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Re: Lambda calculus and it relation to LISP
From: |
David Kastrup |
Subject: |
Re: Lambda calculus and it relation to LISP |
Date: |
08 Oct 2002 05:05:23 +0200 |
User-agent: |
Gnus/5.09 (Gnus v5.9.0) Emacs/21.3.50 |
see@sig.below (Barb Knox) writes:
> In article <x5bs66h9sx.fsf@tupik.goethe.zz>, David Kastrup
> <David.Kastrup@t-online.de> wrote:
>
> > see@sig.below (Barb Knox) writes:
> >
> > > For example, here is a recursive factorial function in lambda calculus in
> > > Lispish syntax (assuming apprioriate definitions for 'if', '<', '*', '-',
> > > and '1'). It takes one argument (which gets bound to 'n') and returns its
> > > factorial.
> > >
> > > ((lambda (f) ((lambda (Y) (f (Y Y))) (lambda (Y) (f (Y Y)))))
> > > (lambda (ff n) (if (< n 1) 1 (* n (ff (- n 1))))) )
> > >
> > > Intense, eh?
> >
> > Also wrong. This is "Lispish Syntax", actually Scheme.
>
> > So we can check it out:
> >
> No, not wrong. It's *lambda calculus* with a Lispish (or Schemish if you
> prefer) syntax. It is not Scheme. The original question was about lambda
> calculus.
>
>
> I never claimed it would run in Scheme. IIRC, Scheme does
> applicative-order evaluation, not normal-order. Also IIRC, Scheme does
> not do "currying", whereby, e.g., ((lambda (a b) (+ a b)) 3) --> (lambda
> (b) (+ 3 b)).
>
> You can get around the currying by changing the second line to:
> (lambda (ff) (lambda (n) ... )) )
> but that doesn't help with the evaluation order.
Lambda calculus is an abtract concept. An abstract concept with
"currying"?
Anyhow, here is how to do a factorial in Scheme:
((lambda (f n) (f f n))
(lambda (f n) (if (< n 1) 1 (* n (f f (- n 1)))))
5)
If we want to start from a function that does not look
self-referential (namely, does not have (f f ...) in its core
definition from where we want to have it recurse), things get more
intricate:
((lambda (f g n) (g (f f g) n))
(lambda (f g) (lambda (n) (g (f f g) n)))
(lambda (f n) (if (< n 1) 1 (* n (f (- n 1)))))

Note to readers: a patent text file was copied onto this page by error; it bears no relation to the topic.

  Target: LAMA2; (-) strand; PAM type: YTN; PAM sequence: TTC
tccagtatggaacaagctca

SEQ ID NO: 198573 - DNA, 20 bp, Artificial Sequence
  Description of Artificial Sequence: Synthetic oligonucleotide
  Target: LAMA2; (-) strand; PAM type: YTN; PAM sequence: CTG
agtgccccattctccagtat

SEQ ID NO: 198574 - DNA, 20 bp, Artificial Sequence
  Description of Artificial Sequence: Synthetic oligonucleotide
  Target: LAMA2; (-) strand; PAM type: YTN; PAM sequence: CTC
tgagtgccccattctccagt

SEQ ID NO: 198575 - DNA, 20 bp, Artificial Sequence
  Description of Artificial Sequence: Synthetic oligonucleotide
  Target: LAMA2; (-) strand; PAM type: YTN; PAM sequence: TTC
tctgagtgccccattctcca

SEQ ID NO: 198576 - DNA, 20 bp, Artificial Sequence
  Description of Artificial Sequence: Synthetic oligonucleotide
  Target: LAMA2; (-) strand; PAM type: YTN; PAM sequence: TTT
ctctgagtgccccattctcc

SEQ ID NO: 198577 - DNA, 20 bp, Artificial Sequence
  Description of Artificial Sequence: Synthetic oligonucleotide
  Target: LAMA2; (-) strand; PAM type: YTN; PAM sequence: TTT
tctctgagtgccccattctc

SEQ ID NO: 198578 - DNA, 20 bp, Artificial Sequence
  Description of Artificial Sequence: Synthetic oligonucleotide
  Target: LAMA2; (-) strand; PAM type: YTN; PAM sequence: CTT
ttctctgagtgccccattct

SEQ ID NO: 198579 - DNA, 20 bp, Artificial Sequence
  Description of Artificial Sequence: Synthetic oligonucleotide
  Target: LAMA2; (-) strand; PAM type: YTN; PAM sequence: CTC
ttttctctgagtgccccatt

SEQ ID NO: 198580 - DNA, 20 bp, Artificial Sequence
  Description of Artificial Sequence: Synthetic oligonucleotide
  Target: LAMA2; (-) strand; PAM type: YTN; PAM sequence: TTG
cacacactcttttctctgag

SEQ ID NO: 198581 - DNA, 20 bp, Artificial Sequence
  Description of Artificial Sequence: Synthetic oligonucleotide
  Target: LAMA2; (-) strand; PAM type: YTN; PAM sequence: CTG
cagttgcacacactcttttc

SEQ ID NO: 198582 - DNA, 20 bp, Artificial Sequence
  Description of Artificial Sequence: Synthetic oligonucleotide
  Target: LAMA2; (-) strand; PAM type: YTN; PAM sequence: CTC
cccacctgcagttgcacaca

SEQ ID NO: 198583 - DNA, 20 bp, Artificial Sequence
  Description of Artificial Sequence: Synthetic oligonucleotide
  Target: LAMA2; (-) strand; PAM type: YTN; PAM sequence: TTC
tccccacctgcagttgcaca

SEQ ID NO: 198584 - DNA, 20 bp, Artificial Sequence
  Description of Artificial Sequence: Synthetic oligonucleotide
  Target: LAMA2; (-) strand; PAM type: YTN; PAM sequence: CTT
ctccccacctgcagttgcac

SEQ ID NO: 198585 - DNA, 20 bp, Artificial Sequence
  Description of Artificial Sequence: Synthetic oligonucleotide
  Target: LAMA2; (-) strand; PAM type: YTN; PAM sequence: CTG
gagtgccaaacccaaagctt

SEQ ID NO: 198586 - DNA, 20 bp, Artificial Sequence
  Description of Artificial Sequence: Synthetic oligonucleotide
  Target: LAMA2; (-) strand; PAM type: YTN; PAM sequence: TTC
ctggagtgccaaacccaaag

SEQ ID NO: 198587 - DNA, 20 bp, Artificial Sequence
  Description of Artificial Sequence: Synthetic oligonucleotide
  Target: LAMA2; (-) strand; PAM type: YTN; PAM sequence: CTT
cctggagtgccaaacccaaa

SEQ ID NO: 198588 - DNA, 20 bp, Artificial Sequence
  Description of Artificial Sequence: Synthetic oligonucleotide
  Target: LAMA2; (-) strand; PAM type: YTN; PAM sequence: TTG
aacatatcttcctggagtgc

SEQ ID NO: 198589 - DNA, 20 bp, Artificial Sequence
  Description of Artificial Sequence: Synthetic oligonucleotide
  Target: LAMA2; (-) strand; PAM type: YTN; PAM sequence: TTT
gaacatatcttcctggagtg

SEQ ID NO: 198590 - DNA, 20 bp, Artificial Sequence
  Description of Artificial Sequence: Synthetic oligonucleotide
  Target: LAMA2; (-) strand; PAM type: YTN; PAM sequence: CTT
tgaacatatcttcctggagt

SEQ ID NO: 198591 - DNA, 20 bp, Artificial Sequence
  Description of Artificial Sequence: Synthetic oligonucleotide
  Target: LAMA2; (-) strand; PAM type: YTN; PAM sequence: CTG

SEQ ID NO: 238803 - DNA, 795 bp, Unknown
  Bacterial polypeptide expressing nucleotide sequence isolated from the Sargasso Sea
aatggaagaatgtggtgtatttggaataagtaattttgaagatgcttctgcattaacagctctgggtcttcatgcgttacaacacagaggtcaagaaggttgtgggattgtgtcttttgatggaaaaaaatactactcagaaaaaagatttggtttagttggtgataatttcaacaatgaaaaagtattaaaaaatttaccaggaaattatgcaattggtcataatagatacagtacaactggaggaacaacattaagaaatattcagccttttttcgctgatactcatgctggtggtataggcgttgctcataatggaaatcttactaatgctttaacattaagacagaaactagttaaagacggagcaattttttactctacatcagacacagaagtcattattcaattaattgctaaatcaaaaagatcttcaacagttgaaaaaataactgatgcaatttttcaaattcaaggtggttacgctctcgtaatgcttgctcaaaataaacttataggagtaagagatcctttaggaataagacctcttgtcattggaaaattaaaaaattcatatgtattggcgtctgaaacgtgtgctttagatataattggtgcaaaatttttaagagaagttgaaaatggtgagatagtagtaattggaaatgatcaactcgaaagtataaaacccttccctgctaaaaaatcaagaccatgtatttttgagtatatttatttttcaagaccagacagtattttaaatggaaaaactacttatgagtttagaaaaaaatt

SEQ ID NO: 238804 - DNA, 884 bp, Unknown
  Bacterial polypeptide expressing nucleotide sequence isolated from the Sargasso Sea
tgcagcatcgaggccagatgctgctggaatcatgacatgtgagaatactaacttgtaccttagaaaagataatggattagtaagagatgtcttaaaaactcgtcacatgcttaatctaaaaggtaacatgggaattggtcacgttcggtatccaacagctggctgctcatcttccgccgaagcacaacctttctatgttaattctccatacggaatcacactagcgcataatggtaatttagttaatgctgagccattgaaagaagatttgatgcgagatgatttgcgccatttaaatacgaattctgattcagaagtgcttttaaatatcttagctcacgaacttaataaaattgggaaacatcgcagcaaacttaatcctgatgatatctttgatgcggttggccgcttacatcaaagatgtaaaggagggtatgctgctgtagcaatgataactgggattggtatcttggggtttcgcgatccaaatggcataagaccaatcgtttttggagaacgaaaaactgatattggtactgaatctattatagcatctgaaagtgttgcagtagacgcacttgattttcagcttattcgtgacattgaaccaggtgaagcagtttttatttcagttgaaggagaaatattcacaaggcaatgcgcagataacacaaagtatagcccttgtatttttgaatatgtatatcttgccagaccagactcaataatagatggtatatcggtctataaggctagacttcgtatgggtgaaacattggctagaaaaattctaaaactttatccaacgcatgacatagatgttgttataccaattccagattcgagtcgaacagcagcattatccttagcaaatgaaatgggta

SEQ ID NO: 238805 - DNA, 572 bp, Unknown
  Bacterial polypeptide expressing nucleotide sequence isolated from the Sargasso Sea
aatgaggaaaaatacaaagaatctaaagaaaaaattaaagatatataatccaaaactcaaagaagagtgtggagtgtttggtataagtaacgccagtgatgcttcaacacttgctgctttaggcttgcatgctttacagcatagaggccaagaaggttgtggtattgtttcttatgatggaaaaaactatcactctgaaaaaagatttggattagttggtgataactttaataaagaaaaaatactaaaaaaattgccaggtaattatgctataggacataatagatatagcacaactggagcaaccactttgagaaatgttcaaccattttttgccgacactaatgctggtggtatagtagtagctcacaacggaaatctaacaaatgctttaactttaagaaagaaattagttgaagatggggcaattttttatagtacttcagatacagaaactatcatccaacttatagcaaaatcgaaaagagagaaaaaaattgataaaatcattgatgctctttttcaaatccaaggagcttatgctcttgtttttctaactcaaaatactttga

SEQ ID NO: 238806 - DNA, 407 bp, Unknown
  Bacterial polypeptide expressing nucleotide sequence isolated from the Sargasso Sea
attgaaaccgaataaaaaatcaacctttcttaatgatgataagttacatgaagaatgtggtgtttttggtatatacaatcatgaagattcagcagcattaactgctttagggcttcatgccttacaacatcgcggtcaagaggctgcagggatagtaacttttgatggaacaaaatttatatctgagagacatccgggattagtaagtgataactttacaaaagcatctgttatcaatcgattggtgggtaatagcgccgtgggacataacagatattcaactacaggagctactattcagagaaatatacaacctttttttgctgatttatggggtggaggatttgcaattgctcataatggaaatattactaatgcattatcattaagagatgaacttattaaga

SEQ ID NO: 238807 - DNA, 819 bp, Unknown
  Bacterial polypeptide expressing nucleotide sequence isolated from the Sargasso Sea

5)
No curry involved here, but still rather spicy. Don't get burned.
Anybody see a simpler solution for cranking up recursion on the last
lambda-line?
Oh, since we are here also in the Emacs groups: the equivalents would
be
((lambda (f n) (funcall f f n))
(lambda (f n) (if (zerop n) 1 (* n (funcall f f (1- n)))))
5)
((lambda (f g n) (funcall g (funcall f f g) n))
(lambda (f g) `(lambda (n) (,g (funcall ,f ,f ,g) n)))
(lambda (f n) (if (zerop n) 1 (* n (funcall f (1- n)))))
5)
--
David Kastrup, Kriemhildstr. 15, 44793 Bochum
Email: David.Kastrup@t-online.de
- Re: Lambda calculus and it relation to LISP, (continued)
- Re: Lambda calculus and it relation to LISP, gnuist, 2002/10/07
- Re: Lambda calculus and it relation to LISP, William Elliot, 2002/10/07
- Re: Lambda calculus and it relation to LISP, Barb Knox, 2002/10/07
- Re: Lambda calculus and it relation to LISP, David Kastrup, 2002/10/07
- Re: Lambda calculus and it relation to LISP, William Elliot, 2002/10/07
- Re: Lambda calculus and it relation to LISP, Barb Knox, 2002/10/07
- Re: Lambda calculus and it relation to LISP, William Elliot, 2002/10/07
- Re: Lambda calculus and it relation to LISP, Christian Lemburg, 2002/10/07
- Re: Lambda calculus and it relation to LISP, ozan s yigit, 2002/10/07
- Re: Lambda calculus and it relation to LISP, Barb Knox, 2002/10/07
- Re: Lambda calculus and it relation to LISP,
David Kastrup <=
- Re: Lambda calculus and it relation to LISP, Gareth McCaughan, 2002/10/07
- Re: Lambda calculus and it relation to LISP, William Elliot, 2002/10/07
- Re: Lambda calculus and it relation to LISP, Gareth McCaughan, 2002/10/07
- Re: Lambda calculus and it relation to LISP, William Elliot, 2002/10/08
- Re: Lambda calculus and it relation to LISP, Fred Gilham, 2002/10/05
- Re: Lambda calculus and it relation to LISP, Kaz Kylheku, 2002/10/05
- Re: Lambda calculus and it relation to LISP, Thaddeus L Olczyk, 2002/10/06
- Re: Lambda calculus and it relation to LISP, Alfred Einstead, 2002/10/11